# Probability and genetics - Bayes' theorem

Britney can be homozygous $$HH$$ or heterozygous $$Hh$$ with equal probability. Hemophilia is a mostly inherited genetic disorder. A test to detect a dominant allele $$h$$, responsible for the disorder, is carried out. The test has $$85\%$$ reliability in heterozygous women (with $$Hh$$ genotype), that is, it successfully detects the presence of the allele $$h$$ in $$85\%$$ of the cases, while in homozygous women (with $$HH$$ genotype) it fails to detect $$h$$ in $$1\%$$ of the cases. We want to calculate the following probabilities: $$P (\text{Britney}\,Hh | \text{test was positive})$$ and $$P(\text{Britney}\,HH | \text{test was negative})$$

I am not sure for the correct interpretation of the question, as I had to translate some terms I am not familiar with. With the little knowledge I have on statistics, I will make an attempt:

Prior probability Britney is homozygous or heterozygous $$P(ΗΗ)= P(Hh) = 0.5$$

$$P(E|Hh)= \text{Probability of a Positive Test Result given Britney is Heterozygous} = 0.85\\ \text{So, we have}\\ P(E|HH)= \text{Probability of a Positive Test Result given Britney is Homozygous} = 0.15$$

We want $$P(HH|E) = \text{Probability of Britney being Heterozygous given the test yields a Positive Result}$$

We also want $$P(Hh|E^c) = \text{Probability of Britney being Homozygous given the test yields a Negative Result}$$

So for a)

$$P(HH|E) = {P(E|HH) P(HH) \over P(E)} = {P(E|HH) P(HH) \over P(E|HH)P(HH) + P(E|{Hh}) P({Hh})}$$ and similarly for the second. Are these correct?

EDIT: Can you tell me if this is correct?

"$$P(E|HH)= \text{Probability of a Positive Test Result given Britney is Homozygous} = 0.15$$"

or is it "$$P(E|HH)= \text{Probability of a Negative Test Result given Britney is Heterozygous} = 0.15$$"?

• Please use proper TeX formatting when including texts within an equation from next time. Jun 1, 2022 at 12:16
• $P(Hh \mid E)$ is not the probability of Britney being Homozygous given the test yields a Negative Result but given the test yields a Positive Result. You want $P(Hh \mid E^c)$ Jun 1, 2022 at 13:08
• Guys, any full solution? This one I don't understand! Jun 1, 2022 at 14:32
• You may still have mixed homozygous / heterozygous. I would have thought you wanted $P(Hh\mid E) = {P(E\mid Hh) P(Hh) \over P(E)} = {P(E\mid Hh) P(Hh) \over P(E\mid HH)P(HH) + P(E\mid {Hh}) P({Hh})}$ and $P(HH\mid E^c) = {P(E^c\mid HH) P(HH) \over P(E^c)} = {P(E^c\mid Hh) P(Hh) \over P(E^c\mid HH)P(HH) + P(E^c\mid {Hh}) P({Hh})}$ Jun 1, 2022 at 16:30
• Related, perhaps helpful: math.stackexchange.com/questions/2279851/… Jun 2, 2022 at 14:10

As I understand from your setting, you could approach the problem as follows:

Suppose you let $$T$$ be the event "the test is positive" (so the test detects the allele $$h$$), $$HH$$ the event "homozygous genotype", and $$Hh$$ the event "heterozygous genotype". We wish to compute the probabilities $$Pr(Hh|T)$$ and $$Pr(HH|T^c)$$.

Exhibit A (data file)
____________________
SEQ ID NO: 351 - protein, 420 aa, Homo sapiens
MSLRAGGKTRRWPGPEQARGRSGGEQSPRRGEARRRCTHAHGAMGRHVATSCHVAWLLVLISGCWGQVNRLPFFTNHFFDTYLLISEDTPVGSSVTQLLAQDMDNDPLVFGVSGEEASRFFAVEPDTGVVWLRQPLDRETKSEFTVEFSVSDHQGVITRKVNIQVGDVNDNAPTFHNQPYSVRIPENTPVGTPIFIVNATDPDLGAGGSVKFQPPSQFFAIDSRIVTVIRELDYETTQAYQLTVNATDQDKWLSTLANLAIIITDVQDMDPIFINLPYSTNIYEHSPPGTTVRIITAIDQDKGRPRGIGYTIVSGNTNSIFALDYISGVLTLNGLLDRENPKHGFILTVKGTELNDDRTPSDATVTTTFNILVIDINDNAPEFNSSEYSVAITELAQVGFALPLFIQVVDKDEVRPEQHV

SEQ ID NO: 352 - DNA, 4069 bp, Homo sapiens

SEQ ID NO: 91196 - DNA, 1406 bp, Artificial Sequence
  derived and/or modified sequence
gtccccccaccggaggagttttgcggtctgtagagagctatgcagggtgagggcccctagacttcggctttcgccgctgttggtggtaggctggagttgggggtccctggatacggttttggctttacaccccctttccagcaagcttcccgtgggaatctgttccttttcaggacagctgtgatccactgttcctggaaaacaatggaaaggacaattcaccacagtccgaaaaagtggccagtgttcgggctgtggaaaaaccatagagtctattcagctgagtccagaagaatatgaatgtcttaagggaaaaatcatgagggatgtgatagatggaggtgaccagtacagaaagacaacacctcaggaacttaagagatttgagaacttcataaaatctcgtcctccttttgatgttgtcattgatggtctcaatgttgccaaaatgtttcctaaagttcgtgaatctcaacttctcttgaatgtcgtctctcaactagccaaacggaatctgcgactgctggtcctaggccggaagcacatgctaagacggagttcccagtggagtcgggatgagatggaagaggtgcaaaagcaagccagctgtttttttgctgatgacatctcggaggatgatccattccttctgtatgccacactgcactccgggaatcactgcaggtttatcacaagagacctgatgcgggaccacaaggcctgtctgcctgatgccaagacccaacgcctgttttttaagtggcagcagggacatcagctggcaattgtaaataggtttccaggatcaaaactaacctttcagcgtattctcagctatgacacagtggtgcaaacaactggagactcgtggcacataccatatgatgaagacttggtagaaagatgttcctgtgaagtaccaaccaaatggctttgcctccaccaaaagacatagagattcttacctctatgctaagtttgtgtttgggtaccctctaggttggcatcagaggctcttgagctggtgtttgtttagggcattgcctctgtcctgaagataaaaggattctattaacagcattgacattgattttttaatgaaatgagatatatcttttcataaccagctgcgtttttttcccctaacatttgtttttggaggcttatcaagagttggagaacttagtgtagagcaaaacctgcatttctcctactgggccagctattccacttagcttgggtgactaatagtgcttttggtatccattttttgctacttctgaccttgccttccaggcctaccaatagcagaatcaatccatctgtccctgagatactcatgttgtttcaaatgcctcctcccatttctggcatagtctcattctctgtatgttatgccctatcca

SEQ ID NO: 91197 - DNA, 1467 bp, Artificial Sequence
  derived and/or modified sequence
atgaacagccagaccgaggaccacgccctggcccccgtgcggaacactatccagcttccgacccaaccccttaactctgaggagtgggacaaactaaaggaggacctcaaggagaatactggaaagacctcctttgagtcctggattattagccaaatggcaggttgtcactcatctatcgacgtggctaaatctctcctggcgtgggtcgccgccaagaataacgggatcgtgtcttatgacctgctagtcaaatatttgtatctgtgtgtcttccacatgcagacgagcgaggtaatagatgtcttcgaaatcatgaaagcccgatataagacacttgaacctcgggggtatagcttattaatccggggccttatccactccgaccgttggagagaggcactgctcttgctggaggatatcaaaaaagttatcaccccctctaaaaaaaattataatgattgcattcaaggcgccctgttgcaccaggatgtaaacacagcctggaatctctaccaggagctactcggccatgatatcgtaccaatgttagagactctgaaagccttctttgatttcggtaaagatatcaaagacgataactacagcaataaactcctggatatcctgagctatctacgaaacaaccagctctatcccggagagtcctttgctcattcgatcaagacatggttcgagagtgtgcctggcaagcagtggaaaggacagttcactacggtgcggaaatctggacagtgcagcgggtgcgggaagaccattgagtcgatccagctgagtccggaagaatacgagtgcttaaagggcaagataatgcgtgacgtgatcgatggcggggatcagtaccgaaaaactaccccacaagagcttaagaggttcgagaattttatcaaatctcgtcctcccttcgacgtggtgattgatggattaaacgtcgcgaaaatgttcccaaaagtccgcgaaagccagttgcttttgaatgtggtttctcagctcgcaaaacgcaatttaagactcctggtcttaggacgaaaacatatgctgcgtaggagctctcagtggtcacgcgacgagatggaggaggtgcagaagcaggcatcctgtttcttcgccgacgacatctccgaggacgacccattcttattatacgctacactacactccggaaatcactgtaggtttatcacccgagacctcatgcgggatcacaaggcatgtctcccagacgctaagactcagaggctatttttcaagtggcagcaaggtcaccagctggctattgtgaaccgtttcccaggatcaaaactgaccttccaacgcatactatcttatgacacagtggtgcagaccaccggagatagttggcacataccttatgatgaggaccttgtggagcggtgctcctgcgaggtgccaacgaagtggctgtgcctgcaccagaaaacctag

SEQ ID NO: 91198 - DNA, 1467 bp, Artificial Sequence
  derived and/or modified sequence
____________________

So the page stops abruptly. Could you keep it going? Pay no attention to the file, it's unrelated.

We know the following:

• $$Pr(HH)=Pr(Hh)=1/2$$, so the probability of having either genome is the same.
• $$Pr(T|Hh)=0.85$$ from which you can deduce that $$Pr(T^c|Hh)=0.15$$.
• $$Pr(T^c|HH)=0.01$$ from which you can deduce that $$Pr(T|HH)=0.99$$.

From there, using Bayes' theorem, the law of total probability and remembering that the probability of having either genome is equal, we can directly compute \begin{align} Pr(Hh|T)=\frac{Pr(T|Hh)Pr(Hh)}{Pr(T)} &=\frac{Pr(T|Hh)Pr(Hh)}{Pr(T|Hh)Pr(Hh)+Pr(T|HH)Pr(HH)}\\ &=\frac{0.85\cdot 1/2}{(0.85+0.99)/2}\approx 46.2\%, \end{align} and \begin{align} Pr(HH|T^c)=\frac{Pr(T^c|HH)Pr(HH)}{Pr(T^c)}&=\frac{Pr(T^c|HH)Pr(HH)}{Pr(T^c|HH)Pr(HH)+Pr(T^c|Hh)Pr(Hh)}\\ &=\frac{0.01\cdot 1/2}{(0.01+0.15)/2}=6.25\%. \end{align}

Edit: I've confused the original statement and so had wrong calculations. The procedure however stays the same.

• I don't think this is the correct interpretation of "The test has $85\%$ reliability in heterozygous women. I'd rather assume it means that in $15\%$ of the cases it fails to detect the allele h, while it exists. Jun 3, 2022 at 16:46
• @NhungHuyen I've updated my answer with the correct calculations. The statement seemed confusing at start so I mixed up two probabilities. The answer should be good now :) Jun 4, 2022 at 9:59

By the law of total probability, $$P(Positive)=P(Positive|HH)P(HH)+P(Positive|Hh)P(Hh)=0.5\cdot0.99+0.5\cdot0.85=0.5(0.99+0.85)=0.5\cdot1.84=0.92$$ and so P(Negative)=0.08 (can also be calculated from the law of total probability).
(a)By Bayes Theorem, $$P(Hh|Positive)=\frac{P(Hh\cap Positive)}{P(Positive)}$$ $$=\frac{0.85\cdot 0.5}{0.92}=\frac{85}{184}≈0.4619=46.19\%$$
Similarly, (b) By Bayes Theorem, $$P(HH|Negative)=\frac{P(HH\cap Negative)}{P(Negative)}$$ $$=\frac{0.01\cdot 0.5}{0.08}=\frac{1}{16}=0.0625=6.25\%$$

• This one seems more reasonable. Jun 4, 2022 at 7:09
• Okay I guess I confused the last statement. I’ll update my answer. Jun 4, 2022 at 9:50
• By the way @OP could you just recheck your data once more? Nothing much, hypothetically no problem, but “in homozygous women (with 𝐻𝐻 genotype) it fails to detect h in 1% of the cases” I mean, if I am HH, it will detect h in 99% of the cases? A bit unrealistic, no? Jun 4, 2022 at 10:04
• That’s exactly what seemed confusing to me :p Jun 4, 2022 at 10:06
• @insipidintegrator this refers to the test reliability. That is, if I DO have the allele h and I have HH genotype, the test will fail to detect it (although it exists) in 1% of the cases. Jun 4, 2022 at 17:58